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Cavitation Enhanced Drug Delivery

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The hydrodynamic and mechanical effects produced by cavitation have been widely studied, with applications ranging from turbomachinery to tree growth. In the context of drug delivery these effects can be exploited to dramatically improve the degree to which treatment can be targeted to specific sites within the body. This talk will describe the ways in which specially designed cavitation nuclei in the form of solid, liquid or gas particles can be utilised to promote the controlled release and distribution of drug molecules for localized delivery in the treatment of diseases such as cancer and stroke. First, the particles provide a means of encapsulating drugs to avoid interaction with healthy tissue and/or deactivation before reaching the target site. Second, the particles can be functionalized to enable them to be targeted to a specific tissue volume in order to maximize the concentration of the drug. Third, the release of the drug can be controlled temporally and spatially by using focused ultrasound to initiate cavitation only within the tumour. Fourth, the fluid motion induced by the cavitation activity significantly enhances transport of the drug throughout the tissue volume compared to passive diffusion; and finally, the acoustic emissions from the cavitation bubbles can be used to monitor the treatment from outside the body. The talk will conclude with discussion of a specific example of how cavitation mediated delivery is being utilized in the treatment of pancreatic cancer.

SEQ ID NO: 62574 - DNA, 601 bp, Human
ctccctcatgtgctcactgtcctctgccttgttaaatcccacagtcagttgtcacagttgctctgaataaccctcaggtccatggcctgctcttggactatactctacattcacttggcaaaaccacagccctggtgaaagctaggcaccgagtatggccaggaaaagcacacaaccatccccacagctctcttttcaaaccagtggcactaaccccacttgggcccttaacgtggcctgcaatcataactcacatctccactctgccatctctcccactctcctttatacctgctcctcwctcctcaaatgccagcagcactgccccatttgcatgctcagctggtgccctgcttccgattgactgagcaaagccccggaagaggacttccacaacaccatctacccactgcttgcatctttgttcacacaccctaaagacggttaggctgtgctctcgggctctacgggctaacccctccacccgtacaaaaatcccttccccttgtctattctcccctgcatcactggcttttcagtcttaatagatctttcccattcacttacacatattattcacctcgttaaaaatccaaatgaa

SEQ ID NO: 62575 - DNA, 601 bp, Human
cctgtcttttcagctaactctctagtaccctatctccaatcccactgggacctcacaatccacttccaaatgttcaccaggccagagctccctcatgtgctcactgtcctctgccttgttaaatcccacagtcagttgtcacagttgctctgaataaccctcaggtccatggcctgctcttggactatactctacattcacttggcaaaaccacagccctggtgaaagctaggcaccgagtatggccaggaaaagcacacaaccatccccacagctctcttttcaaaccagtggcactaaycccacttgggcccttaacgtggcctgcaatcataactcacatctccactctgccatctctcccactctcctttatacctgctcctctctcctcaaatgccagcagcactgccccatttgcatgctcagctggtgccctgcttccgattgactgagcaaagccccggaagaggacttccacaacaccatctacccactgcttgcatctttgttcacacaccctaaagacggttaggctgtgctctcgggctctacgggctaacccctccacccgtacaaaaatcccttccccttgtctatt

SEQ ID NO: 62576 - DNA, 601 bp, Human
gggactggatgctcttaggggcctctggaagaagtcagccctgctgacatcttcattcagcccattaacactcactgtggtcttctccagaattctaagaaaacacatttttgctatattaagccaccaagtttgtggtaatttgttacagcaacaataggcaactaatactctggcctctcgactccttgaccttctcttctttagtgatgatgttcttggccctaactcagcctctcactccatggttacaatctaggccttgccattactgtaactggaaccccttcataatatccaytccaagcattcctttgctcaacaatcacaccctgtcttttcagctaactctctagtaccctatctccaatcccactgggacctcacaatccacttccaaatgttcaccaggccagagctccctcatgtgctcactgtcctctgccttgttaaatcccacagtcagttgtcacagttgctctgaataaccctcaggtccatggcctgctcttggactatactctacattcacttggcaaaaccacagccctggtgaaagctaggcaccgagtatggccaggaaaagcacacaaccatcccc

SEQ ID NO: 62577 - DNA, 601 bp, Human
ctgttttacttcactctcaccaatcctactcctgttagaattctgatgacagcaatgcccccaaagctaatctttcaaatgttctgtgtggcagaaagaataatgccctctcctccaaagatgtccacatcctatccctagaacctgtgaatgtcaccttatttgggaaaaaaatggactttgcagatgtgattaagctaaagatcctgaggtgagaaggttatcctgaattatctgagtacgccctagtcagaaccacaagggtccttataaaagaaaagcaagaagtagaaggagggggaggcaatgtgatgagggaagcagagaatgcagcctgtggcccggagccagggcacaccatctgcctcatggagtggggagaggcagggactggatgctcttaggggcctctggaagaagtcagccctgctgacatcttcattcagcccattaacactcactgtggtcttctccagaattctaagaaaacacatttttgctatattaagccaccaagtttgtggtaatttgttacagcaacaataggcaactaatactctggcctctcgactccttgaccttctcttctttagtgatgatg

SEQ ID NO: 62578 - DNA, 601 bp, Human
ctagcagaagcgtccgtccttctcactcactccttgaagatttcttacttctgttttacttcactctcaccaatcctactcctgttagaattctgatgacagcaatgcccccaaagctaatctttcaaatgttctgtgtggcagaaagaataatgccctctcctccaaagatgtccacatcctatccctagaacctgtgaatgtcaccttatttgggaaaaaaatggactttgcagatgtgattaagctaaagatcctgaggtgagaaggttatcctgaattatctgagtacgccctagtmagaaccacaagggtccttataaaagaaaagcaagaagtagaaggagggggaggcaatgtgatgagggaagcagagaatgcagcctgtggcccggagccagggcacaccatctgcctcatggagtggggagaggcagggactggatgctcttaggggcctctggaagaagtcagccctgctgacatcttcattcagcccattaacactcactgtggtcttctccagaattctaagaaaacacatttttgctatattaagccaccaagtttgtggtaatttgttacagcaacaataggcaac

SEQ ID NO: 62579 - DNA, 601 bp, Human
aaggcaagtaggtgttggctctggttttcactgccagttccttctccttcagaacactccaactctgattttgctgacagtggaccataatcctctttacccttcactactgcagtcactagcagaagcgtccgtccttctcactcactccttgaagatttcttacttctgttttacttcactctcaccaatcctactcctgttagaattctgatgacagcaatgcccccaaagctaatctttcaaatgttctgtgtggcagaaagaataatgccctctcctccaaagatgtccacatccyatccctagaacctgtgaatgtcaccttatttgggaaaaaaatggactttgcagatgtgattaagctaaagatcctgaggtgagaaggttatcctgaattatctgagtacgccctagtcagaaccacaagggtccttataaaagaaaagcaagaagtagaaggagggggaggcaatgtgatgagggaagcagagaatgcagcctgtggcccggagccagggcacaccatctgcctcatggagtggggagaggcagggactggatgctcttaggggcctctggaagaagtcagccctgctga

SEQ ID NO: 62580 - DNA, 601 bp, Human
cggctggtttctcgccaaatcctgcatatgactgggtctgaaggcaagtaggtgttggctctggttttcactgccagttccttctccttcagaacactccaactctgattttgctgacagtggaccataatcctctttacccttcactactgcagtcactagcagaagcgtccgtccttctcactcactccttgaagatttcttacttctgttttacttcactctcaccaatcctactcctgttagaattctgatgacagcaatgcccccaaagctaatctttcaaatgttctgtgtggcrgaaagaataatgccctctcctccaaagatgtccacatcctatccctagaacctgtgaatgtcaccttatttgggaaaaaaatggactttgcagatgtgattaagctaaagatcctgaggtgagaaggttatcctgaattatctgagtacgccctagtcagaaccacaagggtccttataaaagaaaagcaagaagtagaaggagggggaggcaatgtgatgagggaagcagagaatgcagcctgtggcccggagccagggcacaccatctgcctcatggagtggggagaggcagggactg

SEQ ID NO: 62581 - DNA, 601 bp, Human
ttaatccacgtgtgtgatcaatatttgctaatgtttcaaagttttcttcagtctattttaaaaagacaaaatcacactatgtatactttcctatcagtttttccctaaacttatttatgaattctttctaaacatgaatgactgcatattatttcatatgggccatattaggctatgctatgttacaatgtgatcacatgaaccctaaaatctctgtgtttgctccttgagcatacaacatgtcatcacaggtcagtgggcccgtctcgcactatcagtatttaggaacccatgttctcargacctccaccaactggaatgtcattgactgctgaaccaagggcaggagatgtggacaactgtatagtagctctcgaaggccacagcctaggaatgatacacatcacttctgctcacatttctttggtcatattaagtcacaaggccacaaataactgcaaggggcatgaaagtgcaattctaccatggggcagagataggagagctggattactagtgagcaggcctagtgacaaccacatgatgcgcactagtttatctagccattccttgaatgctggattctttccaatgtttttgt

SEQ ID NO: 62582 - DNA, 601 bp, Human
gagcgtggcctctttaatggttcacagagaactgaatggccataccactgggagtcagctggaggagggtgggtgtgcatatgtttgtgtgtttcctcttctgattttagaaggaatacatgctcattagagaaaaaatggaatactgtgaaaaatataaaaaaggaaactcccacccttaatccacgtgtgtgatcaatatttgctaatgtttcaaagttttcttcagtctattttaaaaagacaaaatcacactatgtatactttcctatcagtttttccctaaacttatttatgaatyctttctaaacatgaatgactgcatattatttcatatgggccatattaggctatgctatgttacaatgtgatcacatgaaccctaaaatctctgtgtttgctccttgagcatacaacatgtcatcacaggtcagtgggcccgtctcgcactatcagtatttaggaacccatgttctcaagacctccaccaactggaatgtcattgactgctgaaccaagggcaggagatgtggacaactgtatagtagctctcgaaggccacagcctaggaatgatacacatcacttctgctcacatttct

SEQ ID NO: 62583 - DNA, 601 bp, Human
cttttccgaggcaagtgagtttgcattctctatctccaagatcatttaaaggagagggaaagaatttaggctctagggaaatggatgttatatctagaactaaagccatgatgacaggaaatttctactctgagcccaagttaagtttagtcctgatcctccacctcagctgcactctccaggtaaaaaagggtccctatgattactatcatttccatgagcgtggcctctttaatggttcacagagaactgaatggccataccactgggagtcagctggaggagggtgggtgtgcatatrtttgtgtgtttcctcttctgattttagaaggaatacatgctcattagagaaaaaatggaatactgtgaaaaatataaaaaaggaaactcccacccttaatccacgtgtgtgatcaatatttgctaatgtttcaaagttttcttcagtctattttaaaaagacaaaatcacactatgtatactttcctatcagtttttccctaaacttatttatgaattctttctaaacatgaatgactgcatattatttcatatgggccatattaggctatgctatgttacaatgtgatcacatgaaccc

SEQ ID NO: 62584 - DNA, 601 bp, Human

This talk is part of the Fluid Mechanics (CUED) series.

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